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From 1 February, 2012 schedule changes for some asthma medicines may influence prescribing practices -
particularly for patients taking long-acting beta-2 agonists (LABA).
Schedule change details
- There is no longer a requirement for patients to take a separate inhaled corticosteroid (ICS) and LABA for three months prior to being eligible for fully subsidised combination inhalers
- Fluticasone powder for inhalation (Flixotide Accuhaler) is now fully subsidised
- Salmeterol (Serevent, Serevent Accuhaler) will become the only fully subsidised stand-alone LABA. A surcharge will apply to stand-alone eformoterol inhalers (Oxis Turbuhaler, Foradil).
Changes to Special Authority for combination inhalers
The Special Authority changes for combination ICS and LABA inhalers now means that two year approval will be granted to patients who are likely to receive additional benefit from a combination inhaler, following treatment with an ICS (at least 800 mcg/day beclomethasone or budesonide, or 500 mcg/day fluticasone, and at least 400 mcg/day beclomethasone or budesonide, or 200 mcg/day fluticasone for children aged < 12 years).
Previously, a three month period of treatment with separate LABA and ICS inhalers was required before a combination inhaler could be prescribed. Easing the restrictions on combination ICS and LABA inhalers means it is now easier for patients to comply with recommendations that a LABA always be taken in conjunction with an ICS. LABA may increase the risk of asthma related deaths, particularly amongst children, however, concurrent use of ICS appears to reduce this effect.1
Combination ICS/LABA inhalers containing budesonide with eformoterol (Vannair, Symbicort Turbuhaler) and fluticasone with salmeterol (Seretide, Seretide Accuhaler) are all now fully funded.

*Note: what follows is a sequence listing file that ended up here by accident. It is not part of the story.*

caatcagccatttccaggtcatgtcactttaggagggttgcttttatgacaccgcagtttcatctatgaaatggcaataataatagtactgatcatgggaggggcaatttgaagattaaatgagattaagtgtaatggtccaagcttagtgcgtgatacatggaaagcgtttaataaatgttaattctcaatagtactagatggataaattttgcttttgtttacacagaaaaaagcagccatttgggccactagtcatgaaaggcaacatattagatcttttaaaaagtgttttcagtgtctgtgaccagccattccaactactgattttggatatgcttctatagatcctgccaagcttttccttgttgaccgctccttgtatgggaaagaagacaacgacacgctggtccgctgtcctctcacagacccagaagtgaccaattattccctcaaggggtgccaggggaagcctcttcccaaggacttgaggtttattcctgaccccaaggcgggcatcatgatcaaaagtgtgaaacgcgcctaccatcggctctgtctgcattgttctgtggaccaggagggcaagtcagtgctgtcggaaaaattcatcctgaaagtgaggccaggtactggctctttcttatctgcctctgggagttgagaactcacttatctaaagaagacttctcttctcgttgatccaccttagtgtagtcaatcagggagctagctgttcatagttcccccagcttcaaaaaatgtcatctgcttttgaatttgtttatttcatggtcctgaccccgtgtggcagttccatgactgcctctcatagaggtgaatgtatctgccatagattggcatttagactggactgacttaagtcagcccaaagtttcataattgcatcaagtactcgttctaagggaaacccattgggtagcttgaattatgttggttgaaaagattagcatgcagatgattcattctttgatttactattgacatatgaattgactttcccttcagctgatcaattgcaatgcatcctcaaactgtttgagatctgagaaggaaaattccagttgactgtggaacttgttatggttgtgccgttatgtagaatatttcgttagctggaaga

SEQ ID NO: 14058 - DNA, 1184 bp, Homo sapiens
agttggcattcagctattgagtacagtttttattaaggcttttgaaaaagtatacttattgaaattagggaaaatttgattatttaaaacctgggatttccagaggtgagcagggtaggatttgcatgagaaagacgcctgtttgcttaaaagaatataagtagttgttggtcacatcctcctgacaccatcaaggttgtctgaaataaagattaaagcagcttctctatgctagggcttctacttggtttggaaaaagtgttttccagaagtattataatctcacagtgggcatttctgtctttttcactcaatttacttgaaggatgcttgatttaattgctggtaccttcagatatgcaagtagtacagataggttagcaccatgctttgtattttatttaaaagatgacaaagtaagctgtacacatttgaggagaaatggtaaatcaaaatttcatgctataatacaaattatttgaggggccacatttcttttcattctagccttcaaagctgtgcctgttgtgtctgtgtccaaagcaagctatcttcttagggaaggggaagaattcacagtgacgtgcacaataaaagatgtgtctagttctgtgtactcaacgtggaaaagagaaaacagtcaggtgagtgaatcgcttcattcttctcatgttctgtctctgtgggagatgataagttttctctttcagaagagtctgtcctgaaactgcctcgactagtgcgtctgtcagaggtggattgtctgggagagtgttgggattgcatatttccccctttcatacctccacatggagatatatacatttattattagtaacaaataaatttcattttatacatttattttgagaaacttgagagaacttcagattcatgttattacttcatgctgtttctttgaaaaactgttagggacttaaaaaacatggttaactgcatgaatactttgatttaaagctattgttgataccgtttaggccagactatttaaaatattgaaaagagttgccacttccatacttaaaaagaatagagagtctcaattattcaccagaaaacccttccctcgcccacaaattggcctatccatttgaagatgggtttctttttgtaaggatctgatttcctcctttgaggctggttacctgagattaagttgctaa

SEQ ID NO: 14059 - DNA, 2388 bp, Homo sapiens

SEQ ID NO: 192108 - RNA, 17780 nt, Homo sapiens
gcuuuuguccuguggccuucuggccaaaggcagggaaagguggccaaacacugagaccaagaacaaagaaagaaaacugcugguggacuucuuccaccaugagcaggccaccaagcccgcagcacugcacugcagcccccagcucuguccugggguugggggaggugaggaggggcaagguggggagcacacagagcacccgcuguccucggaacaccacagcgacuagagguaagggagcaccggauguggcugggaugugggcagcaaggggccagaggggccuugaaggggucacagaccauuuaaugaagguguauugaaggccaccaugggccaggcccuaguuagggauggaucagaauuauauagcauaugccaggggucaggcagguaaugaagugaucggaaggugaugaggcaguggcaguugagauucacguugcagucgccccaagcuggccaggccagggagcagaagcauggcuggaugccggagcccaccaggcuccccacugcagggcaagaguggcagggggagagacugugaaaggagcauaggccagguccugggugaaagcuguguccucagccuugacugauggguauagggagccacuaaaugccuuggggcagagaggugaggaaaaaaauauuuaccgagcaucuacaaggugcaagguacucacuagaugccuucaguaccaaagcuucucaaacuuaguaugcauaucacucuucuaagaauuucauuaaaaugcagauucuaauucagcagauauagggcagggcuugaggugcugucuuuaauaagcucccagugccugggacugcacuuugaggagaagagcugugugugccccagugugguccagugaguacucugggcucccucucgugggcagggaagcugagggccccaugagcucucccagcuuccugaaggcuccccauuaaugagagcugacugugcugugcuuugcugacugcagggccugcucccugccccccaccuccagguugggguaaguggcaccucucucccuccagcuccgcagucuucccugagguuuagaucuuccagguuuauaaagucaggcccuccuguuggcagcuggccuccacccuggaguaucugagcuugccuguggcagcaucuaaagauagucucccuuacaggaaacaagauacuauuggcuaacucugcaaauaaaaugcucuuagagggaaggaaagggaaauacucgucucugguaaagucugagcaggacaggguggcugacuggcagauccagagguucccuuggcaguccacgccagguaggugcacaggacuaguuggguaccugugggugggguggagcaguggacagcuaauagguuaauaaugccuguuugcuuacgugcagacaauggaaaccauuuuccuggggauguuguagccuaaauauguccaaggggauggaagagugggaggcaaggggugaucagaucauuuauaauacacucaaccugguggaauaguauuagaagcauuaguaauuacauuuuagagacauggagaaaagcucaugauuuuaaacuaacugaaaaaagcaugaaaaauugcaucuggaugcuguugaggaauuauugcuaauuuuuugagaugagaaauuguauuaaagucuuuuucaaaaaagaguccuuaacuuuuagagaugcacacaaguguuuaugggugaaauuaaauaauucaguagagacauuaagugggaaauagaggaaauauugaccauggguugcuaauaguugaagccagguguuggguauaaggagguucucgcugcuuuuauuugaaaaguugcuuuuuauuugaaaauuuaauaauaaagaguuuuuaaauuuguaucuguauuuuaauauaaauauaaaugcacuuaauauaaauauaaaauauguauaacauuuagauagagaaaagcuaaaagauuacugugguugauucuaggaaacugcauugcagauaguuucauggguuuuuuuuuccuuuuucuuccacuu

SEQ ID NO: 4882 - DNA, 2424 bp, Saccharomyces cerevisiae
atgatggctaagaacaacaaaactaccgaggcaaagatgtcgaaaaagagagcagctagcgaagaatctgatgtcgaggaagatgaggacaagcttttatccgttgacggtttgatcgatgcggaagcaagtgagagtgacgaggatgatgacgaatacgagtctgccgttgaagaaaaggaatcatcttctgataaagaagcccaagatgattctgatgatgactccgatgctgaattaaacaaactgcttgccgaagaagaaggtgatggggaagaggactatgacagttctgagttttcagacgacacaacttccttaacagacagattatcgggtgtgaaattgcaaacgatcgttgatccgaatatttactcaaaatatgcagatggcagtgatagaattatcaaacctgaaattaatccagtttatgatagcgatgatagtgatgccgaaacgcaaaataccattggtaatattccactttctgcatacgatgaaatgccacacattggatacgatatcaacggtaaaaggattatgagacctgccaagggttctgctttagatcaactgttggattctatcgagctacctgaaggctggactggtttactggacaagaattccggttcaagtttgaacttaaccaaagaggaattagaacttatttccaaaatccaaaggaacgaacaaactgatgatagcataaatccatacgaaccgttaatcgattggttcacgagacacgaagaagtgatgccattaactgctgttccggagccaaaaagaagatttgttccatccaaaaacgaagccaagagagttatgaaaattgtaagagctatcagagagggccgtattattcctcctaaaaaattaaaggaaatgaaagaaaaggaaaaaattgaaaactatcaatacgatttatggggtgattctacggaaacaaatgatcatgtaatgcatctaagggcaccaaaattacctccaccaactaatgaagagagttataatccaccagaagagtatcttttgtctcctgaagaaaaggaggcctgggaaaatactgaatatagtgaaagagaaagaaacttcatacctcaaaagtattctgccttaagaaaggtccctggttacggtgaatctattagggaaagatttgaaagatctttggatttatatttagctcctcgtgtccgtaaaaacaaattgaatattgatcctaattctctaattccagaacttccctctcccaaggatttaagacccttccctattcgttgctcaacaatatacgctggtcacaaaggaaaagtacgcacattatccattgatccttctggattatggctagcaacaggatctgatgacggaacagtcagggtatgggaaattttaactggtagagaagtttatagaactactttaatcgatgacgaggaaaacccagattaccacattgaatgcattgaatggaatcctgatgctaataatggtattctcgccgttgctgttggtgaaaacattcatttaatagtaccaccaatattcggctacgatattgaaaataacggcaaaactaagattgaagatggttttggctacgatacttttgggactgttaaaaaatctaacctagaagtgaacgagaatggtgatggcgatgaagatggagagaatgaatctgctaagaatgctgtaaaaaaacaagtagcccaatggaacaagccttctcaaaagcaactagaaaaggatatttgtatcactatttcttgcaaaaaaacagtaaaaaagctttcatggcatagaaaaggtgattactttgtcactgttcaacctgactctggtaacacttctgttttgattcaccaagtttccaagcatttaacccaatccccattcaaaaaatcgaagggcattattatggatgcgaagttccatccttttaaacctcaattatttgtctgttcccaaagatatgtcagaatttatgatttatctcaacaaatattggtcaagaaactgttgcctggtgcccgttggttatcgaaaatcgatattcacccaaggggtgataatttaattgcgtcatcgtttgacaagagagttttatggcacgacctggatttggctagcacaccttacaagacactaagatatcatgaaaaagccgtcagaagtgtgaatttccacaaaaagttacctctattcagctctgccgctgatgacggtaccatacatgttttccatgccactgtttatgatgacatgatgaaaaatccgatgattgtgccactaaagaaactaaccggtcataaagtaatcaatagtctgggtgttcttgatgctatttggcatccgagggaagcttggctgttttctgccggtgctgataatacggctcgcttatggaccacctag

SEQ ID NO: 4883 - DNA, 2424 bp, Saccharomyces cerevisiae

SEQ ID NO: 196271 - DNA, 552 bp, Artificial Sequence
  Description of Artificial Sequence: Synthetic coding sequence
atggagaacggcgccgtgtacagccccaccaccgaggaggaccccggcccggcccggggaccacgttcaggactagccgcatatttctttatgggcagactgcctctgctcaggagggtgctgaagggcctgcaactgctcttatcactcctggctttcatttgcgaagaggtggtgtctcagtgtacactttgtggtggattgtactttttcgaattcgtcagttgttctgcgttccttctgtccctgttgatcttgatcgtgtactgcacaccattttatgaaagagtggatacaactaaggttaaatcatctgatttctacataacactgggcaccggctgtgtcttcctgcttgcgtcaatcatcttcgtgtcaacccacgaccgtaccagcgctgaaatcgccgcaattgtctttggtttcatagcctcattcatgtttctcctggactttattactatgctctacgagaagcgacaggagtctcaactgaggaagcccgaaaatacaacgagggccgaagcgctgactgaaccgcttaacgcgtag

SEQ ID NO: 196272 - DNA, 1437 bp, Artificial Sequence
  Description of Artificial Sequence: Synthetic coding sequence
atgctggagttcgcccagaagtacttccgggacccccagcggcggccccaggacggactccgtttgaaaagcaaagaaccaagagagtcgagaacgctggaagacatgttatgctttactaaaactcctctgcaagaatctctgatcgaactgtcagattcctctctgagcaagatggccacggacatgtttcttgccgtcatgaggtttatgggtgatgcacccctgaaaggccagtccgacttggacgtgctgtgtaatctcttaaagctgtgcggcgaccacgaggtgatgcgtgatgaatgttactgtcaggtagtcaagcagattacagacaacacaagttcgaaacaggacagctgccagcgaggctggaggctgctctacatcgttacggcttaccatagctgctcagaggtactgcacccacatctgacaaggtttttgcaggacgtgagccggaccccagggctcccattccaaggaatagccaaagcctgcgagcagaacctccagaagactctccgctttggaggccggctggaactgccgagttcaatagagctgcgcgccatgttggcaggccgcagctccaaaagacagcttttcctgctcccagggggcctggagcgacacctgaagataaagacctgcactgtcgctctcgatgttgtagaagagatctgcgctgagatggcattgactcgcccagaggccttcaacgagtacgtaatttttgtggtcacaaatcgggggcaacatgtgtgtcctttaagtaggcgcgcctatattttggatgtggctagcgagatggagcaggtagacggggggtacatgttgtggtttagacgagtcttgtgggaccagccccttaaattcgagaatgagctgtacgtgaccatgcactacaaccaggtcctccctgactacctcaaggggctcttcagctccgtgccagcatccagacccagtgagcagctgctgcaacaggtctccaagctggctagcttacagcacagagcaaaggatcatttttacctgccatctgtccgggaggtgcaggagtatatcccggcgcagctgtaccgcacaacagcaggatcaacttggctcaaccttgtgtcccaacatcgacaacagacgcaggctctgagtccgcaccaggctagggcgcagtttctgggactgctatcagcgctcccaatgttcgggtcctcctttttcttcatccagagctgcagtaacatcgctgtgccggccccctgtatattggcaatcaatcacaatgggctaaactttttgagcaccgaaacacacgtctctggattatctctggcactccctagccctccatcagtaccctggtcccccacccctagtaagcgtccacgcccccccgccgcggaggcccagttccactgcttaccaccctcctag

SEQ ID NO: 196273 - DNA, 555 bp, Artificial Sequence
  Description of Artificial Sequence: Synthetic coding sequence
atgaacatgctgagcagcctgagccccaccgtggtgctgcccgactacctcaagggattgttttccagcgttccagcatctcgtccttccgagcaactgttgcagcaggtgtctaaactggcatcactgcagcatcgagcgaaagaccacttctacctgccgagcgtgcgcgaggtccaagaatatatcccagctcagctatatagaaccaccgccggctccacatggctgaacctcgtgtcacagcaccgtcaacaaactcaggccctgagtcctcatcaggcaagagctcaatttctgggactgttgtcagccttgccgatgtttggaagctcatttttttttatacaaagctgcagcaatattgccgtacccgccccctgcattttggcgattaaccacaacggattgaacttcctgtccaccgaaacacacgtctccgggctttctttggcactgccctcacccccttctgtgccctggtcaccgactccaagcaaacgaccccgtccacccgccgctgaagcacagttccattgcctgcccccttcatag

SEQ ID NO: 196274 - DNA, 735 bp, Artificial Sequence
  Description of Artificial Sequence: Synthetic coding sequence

All inhaled corticosteroids (ICS) are now fully subsidised
Fluticasone 50, 100 and 250 mcg as a powder for inhalation (Flixotide Accuhaler) is now fully funded along with all other available individual ICS inhaler devices: beclomethasone aerosol (Beclazone), fluticasone aerosol (Flixotide) and budesonide powder (Pulmicort Turbuhaler, Budenocort).
Stand-alone eformoterol inhalers now subject to a part-charge
From 1 February 2012, a part-charge will apply to the Oxis Turbuhalers and Foradil inhalers containing eformoterol fumarate (a LABA). However, repeat dispensings for prescriptions where the first dispensing was before 1 February, 2012 will be fully funded.
If a fully subsidised stand-alone LABA is required patients can be safely switched to salmeterol (Table 1).
|Table 1: Salmeterol versus eformoterol2
||Onset of action
||Time to peak effect
||50 mcg twice daily, maximum 100 mcg twice daily
6-12 mcg once or twice daily, maximum 24 mcg twice daily
Additional doses may be given for short-term symptom relief up to a maximum daily dose of 72 mcg
For further information on asthma see: “Diagnosing and managing asthma in children”,
“Guide to asthma management in children”, BPJ, Special Edition (May, 2009).
- McMahon AW, Levenson MS, McEvoy BW, et al. Age and risks of FDA-approved long-acting b2-adrenergic receptor agonists. Pediatrics 2011;128(5);e1147-54.
- Australian Medicines Handbook. Adelaide: Australian Medicines Handbook Pty Ltd, 2011.